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Just a few years removed from the worst economic crisis to hit the United States since the Great Depression, we’re suddenly in the midst of a newfound cultural fascination with the fat cats on Wall Street, and their excesses of bacchanalian proportions. We’re still arguing about The Wolf of Wall Street a month after its release, and the recent news that the Goldman Sachs elevator-gossip Twitter account, @GSElevator, has sold a book to Simon & Schuster is further proof that while we might despise the traders making untold millions, we’re still really interested in hearing their tales of excess. The forthcoming book and Scorsese’s film are the latest chapters in a long history of famous (and notorious) accounts of Wall Street. Here are some of the best examples.
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Stereotyping You by Your Favorite Movie of 2013

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There are just a little over two weeks left of the year, which means it’s almost too late to run any year-end list of the best cinematic offerings of 2013 (which seems silly, really, since most of us still haven’t seen a handful of Oscar-baiting movies due out at Christmas). But it is the perfect time for a gratuitous exercise in stereotypes, which is why you’ll find an incredibly insightful and — most importantly — correct list of what your favorite movie of the year says about you. Will you think I nailed it? Because I think I nailed it.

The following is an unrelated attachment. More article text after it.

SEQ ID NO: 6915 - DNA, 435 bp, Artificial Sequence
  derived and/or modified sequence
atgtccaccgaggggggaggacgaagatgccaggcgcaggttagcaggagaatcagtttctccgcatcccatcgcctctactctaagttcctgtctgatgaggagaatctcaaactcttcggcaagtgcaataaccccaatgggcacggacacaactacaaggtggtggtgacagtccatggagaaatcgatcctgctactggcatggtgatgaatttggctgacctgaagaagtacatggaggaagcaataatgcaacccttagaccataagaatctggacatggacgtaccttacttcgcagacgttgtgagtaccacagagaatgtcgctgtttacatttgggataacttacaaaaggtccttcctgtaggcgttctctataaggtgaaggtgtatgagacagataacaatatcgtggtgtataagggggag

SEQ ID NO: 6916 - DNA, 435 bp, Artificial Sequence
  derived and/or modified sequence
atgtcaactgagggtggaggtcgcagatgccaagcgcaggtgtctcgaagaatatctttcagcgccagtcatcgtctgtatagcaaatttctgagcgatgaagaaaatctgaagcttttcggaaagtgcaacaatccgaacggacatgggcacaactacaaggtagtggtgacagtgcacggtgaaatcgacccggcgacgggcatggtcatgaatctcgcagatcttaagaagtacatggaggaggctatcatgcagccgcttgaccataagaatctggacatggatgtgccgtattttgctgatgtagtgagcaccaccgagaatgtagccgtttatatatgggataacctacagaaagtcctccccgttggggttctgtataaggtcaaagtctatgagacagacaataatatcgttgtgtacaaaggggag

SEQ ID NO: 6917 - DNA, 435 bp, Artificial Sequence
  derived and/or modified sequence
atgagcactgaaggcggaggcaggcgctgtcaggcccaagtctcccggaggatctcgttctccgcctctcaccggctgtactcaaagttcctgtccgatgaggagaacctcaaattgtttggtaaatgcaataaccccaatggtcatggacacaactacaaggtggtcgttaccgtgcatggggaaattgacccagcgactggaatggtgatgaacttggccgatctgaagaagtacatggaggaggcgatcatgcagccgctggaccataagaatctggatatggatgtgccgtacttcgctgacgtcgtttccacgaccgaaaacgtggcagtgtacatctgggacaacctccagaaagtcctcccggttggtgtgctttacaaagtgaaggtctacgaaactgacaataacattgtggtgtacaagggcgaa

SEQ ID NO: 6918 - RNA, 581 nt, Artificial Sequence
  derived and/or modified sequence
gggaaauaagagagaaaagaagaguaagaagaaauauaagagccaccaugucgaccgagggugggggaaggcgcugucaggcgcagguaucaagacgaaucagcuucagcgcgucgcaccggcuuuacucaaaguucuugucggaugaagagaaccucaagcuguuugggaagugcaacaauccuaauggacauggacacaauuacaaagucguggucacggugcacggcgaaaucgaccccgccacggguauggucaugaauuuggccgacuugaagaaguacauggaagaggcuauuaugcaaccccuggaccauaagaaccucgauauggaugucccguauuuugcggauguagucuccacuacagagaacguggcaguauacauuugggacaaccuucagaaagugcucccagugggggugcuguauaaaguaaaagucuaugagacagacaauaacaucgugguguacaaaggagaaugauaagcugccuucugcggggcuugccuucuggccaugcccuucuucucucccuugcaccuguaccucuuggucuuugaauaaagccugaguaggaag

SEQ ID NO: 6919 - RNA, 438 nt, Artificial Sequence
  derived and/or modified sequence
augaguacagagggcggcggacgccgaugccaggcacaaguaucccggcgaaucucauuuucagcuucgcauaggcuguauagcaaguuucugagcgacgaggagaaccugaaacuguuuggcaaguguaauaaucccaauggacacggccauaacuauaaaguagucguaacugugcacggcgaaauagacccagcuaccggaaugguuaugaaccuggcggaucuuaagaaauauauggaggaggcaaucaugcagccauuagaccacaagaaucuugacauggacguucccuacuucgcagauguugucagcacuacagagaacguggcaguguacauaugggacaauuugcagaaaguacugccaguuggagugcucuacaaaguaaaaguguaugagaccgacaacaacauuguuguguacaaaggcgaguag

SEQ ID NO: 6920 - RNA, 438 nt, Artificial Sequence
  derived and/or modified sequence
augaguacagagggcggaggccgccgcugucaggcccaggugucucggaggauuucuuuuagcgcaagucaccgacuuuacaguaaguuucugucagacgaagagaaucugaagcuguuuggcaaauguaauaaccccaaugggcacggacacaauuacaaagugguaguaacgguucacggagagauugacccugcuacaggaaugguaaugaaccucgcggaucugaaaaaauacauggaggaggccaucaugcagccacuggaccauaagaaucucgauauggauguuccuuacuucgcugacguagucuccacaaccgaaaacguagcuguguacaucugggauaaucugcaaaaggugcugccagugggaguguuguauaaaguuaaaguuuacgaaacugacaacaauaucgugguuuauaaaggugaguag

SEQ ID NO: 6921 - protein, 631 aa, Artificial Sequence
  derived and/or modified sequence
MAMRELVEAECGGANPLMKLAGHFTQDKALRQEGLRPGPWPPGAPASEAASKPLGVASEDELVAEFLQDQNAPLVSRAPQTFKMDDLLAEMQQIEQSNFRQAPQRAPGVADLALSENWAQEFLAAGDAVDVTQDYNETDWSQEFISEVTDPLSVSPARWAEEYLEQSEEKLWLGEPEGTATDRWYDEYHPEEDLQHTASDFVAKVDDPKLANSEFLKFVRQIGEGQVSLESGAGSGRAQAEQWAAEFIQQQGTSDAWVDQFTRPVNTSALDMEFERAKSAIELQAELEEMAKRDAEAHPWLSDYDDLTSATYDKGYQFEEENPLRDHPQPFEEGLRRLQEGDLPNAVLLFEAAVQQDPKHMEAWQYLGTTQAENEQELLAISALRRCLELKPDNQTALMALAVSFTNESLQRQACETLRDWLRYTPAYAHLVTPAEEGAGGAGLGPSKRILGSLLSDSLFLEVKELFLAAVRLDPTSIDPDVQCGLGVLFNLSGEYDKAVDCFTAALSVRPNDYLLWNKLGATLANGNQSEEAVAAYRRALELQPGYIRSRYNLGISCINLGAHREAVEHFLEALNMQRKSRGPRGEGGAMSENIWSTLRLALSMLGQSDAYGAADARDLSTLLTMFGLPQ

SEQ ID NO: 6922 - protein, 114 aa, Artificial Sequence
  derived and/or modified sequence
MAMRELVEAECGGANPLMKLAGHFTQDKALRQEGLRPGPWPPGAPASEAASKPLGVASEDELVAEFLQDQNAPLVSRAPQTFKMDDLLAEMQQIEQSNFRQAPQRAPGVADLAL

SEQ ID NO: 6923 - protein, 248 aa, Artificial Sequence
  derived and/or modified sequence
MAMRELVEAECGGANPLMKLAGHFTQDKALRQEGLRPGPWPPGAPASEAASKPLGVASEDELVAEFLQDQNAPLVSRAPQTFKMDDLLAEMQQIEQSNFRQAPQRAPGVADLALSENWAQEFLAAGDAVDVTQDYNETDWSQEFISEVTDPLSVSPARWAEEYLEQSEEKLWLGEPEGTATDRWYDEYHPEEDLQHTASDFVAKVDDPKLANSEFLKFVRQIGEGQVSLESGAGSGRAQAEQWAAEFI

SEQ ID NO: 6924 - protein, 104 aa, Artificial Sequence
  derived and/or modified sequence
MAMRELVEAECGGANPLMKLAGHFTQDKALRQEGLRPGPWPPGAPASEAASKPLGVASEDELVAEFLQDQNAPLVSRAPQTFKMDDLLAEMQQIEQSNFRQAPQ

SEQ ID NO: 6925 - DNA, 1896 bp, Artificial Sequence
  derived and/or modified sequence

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10 Famous Works of Literature With Queer Subtexts

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Yesterday at Salon, Caleb Crain, author of the highly praised novel Necessary Errors, talked a bit about being a gay novelist and the effects non-heterosexual subject matter has on the chances for a novel’s publication. In response to a question about needing a “gay canon” of literature, Crain said, “The straight canon is very gay… I don’t read somebody because they’re a gay writer. I read them because they’re a good writer.” It’s true that it seems silly and reductive to insist on setting gay writers apart from their straight cohort (although doing so can help raise awareness that they do, in fact, exist), especially since there’s enough queer subtext in popular literature already. Just have a look at these ten obvious examples.